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This resource is hosted by the Nelson Mandela Centre of Memory, but was compiled and authored by Padraig O’Malley. It is the product of almost two decades of research and includes analyses, chronologies, historical documents, and interviews from the apartheid and post-apartheid eras.

13 Aug 1990: Babb, Glen

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GB     You now have an egg that is scrambled so it's impossible to separate. The NP, which was the protector of the Afrikaner, is redefining it's role. The idea is to concentrate people around value systems. The word 'alliance' is used a lot. The Afrikaner has something to offer to the others. The fortunes of the NP are not at their highest right now, but I doubt whether a majority of Afrikaners support the CP.

     There are two reasons why Afrikaners rally to the CP. One is fear, but as people, particularly sophisticated, educated whites, begin to think of themselves as South Africans the fear will wane. The second is the economic factor. As the economy improves and things like squatters and white flight are addressed, these fears will also wane.

     February 2nd was a long time in coming. The Afrikaner considers himself a just, fair person. There is a generation of politicians who have moved away from Verwoerd's policies. You now have a 55-year old person, De Klerk, who is very moral, plus a defence force which, based on their Namibian experiences, can say you have more to lose than to gain if you continue on the present course. Also the MDM's Defiance campaign, the ANC's armed struggle and sanctions are also ...

     It depends on what you mean by majority rule. According to the federalist papers we are in a transition phase. This is something that will see us through to the next generation. I think the constitution will call for a devolution of power to regions and municipalities. This is where power sharing will be important because that is when redistribution will be affected. At the national level you will have more blacks in parliament than whites with a built-in system of checks and balances. You would not be able to regulate Cabinet portfolios in the constitution. We are looking carefully at the Nigerian model which calls for a strong two-party system at the national level. I think any party that would not make alliances to go into government would be doomed to failure. Rhodesia was a failure.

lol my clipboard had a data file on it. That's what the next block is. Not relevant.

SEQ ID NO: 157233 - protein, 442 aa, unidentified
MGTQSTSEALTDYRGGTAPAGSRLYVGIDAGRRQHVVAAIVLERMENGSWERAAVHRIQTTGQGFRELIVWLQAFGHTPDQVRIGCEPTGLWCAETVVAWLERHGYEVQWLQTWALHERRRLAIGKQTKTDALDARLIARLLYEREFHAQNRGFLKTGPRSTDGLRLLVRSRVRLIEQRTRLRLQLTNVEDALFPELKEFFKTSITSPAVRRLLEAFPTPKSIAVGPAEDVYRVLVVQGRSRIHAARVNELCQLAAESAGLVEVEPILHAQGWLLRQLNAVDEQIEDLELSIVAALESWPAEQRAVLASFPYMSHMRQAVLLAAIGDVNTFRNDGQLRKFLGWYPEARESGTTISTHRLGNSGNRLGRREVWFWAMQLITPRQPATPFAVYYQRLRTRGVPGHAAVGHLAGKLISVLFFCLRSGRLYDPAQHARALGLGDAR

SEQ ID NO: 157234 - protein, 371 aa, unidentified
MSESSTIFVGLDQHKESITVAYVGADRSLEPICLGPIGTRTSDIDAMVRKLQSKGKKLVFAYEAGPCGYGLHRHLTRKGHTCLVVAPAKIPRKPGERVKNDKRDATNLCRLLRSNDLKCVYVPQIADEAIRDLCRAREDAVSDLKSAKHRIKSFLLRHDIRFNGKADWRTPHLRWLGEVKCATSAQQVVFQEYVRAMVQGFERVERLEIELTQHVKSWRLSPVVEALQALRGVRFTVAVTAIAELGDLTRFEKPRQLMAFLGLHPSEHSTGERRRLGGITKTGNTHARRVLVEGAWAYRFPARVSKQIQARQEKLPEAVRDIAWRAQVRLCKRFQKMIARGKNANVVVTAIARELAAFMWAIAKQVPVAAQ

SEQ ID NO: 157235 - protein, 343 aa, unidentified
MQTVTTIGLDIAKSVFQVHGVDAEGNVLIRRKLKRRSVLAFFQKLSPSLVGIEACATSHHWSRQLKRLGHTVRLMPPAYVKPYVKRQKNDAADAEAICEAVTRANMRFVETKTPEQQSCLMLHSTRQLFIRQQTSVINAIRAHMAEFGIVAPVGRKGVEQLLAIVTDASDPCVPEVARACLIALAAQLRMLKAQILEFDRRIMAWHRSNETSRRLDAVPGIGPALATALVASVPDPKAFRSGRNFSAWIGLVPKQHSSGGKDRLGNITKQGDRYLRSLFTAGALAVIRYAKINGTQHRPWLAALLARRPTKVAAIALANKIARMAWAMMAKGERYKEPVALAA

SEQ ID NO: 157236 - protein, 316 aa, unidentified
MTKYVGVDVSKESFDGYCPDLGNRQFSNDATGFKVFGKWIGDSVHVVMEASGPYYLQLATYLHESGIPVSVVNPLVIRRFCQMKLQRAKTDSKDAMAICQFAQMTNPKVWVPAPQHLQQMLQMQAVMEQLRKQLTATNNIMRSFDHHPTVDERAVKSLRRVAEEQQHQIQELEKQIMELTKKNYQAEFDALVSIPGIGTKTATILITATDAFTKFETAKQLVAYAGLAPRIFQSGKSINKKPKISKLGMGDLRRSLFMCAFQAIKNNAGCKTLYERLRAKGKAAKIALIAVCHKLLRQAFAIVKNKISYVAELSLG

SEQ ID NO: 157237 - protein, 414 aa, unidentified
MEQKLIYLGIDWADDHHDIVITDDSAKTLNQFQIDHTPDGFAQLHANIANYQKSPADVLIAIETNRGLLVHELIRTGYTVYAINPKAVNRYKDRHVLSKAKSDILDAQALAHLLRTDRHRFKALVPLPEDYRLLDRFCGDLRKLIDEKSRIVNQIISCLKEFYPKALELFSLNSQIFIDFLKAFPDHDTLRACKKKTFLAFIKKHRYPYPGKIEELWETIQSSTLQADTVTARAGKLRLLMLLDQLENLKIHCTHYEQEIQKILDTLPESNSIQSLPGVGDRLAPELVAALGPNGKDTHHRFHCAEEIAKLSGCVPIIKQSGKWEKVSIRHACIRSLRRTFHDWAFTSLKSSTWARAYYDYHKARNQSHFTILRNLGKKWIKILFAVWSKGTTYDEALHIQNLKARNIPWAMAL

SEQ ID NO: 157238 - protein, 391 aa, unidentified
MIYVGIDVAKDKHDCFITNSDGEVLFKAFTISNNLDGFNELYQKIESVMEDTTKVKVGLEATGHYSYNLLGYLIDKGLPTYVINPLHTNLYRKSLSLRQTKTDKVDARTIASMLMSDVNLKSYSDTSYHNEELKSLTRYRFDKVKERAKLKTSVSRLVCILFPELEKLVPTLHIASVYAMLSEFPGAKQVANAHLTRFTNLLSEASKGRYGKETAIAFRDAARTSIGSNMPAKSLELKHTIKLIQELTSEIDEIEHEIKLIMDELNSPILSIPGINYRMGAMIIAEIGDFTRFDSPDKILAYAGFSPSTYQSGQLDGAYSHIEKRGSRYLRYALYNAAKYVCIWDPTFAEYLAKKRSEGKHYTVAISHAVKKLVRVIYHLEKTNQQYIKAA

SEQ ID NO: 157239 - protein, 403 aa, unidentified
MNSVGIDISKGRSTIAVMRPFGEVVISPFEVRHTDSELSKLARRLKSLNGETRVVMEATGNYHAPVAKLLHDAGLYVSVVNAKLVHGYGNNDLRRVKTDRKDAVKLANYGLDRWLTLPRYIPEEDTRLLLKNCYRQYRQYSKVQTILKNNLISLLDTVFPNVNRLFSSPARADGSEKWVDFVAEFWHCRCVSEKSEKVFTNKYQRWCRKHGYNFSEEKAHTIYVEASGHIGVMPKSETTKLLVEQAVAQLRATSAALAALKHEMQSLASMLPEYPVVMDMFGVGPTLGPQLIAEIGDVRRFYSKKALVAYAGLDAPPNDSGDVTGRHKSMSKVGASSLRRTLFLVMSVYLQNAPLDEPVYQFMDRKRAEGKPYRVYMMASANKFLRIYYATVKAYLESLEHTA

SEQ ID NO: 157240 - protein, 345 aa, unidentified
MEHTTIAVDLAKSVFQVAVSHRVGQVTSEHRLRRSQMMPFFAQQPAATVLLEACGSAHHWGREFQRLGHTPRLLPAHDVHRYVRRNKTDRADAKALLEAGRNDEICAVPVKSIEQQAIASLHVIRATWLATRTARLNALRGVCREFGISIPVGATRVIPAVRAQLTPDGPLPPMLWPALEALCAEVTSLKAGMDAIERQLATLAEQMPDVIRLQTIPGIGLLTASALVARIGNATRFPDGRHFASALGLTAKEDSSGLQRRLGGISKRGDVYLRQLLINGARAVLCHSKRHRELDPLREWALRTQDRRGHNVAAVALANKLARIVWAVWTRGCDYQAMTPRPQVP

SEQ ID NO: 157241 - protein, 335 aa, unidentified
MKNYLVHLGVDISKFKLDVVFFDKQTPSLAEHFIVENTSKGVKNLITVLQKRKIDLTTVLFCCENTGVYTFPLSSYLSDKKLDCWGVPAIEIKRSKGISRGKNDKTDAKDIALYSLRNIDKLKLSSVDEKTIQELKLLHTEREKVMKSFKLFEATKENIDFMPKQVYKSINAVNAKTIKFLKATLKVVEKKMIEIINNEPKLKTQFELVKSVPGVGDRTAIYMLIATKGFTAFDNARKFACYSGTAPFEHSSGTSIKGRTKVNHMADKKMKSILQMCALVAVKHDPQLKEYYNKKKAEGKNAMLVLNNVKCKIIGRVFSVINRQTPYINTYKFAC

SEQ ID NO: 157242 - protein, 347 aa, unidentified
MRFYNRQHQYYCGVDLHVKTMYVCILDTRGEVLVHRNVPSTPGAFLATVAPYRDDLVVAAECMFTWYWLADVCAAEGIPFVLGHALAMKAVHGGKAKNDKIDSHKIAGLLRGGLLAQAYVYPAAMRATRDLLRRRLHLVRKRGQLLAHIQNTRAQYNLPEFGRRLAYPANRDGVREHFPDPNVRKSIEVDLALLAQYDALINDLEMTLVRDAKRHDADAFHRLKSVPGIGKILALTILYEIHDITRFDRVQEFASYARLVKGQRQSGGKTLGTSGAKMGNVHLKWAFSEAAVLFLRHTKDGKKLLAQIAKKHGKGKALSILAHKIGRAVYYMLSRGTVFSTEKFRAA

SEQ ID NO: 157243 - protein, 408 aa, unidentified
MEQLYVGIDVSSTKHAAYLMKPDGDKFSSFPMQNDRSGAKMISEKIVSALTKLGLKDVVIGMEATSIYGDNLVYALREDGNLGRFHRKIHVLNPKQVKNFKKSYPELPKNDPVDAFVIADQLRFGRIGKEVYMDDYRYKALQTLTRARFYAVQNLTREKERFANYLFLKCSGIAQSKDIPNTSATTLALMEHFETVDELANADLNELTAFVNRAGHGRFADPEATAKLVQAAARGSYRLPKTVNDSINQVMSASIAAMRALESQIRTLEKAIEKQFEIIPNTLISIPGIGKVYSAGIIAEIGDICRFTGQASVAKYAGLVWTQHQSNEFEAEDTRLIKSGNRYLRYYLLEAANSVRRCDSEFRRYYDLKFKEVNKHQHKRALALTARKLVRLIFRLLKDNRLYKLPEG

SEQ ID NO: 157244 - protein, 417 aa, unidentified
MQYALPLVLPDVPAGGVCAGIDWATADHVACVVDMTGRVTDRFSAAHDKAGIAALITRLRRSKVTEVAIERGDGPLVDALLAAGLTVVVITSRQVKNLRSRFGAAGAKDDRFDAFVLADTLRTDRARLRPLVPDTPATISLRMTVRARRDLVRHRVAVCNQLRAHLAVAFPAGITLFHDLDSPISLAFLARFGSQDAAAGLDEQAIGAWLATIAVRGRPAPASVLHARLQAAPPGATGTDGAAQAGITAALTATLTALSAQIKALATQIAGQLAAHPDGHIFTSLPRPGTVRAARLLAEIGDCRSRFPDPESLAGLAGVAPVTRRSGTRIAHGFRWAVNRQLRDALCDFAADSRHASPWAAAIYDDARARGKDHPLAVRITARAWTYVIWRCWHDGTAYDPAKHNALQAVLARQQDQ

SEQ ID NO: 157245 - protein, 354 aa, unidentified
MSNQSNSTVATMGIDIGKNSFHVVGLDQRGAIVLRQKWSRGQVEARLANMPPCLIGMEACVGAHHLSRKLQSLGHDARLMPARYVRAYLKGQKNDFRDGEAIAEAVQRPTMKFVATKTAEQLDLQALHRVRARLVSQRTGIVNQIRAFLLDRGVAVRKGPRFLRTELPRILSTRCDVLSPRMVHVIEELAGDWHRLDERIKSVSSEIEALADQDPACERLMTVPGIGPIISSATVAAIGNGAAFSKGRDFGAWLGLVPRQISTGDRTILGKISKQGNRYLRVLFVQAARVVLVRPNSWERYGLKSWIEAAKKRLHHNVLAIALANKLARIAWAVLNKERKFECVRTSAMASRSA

The government will continue to function during the process with a National Convention going on at the same time. Delegates to the convention will not be elected. The ANC, from the reactions of the government, can see that a Constituent Assembly arouses too many fears. We will have to get to a point where there is consensus decision-making in the government.

     De Klerk has to keep his promise to the white electorate. The ANC will see that it is necessary to have the white electorate's acquiescence. This is not an airy-fairy decision. De Klerk has said this is tough, we will have more credibility. Once they do, however, they have their problems. They are menaced by the in group/out group complex which the majority group exploits to the fullest through all kinds of conspiracy theories.

     Many liberals who have pleaded with the government to do what it is doing are pushing people into the conservative camp with their speculation of what might happen and their own uncertainties about the future.

     Our intelligence community has infiltrated the ANC considerably. After 2 February we were expecting a lot worse, we proceeded. I have said that if I were Mandela I would have taken the bit in my mouth and moved on sanctions. There was a feeling in government that Mandela's rhetoric would have to be a lot more strident to establish his credibility with the young. He said, "Throw your pangas into the sea", and the youth walked out.

     The first priority for the MP in 1948 was to establish an economic power base for the Afrikaner. The English speaking population were arrogant and wouldn't employ Afrikaners. Afrikaners only held 20% of the economy, despite their agricultural holdings. The Indians were better off than the Afrikaners. The Afrikaners continued to see themselves as oppressed well into the 1970s. The accusations that Afrikaners nationalised industry are dishonest. They did not nationalise anything that was in private hands.

     There is a house of politicians who talk about a command economy. It would be difficult to build economic structures into the constitution. In the Bill of Rights, private property ownership will need to be ensured.

     Redistribution of Land - we will have to extricate land from people. Among my colleagues there's no problem giving land to blacks in rural areas. Our wish is to create a change to the Land Acts to create greater order in agricultural areas. Blacks in cities mean further economic development must follow.

     There will be little internally that will change for blacks with an ANC government.

     The SACP has been the most Stalinised Communist Party on earth. Their attempts to develop policies on private property and mixed economies are suspicious. They no longer have any ideological or financial support from the Soviets.

     De Klerk's obstacles are: economic weakness internally and the lack of international financing, and organised opposition to his policies.

     Mandela's obstacles are his failure to have a politically and economically sophisticated team behind him, and the ANC's position that fails to recognise ethnic differences within South Africa.

     Mandela is dignified and eloquent. But a great disappointment is that he hasn't shown leadership. He's maligned because of Winnie. He could have used his world-wide reputation ...

This resource is hosted by the Nelson Mandela Centre of Memory, but was compiled and authored by Padraig O’Malley. Return to the Nelson Mandela Centre of Memory site.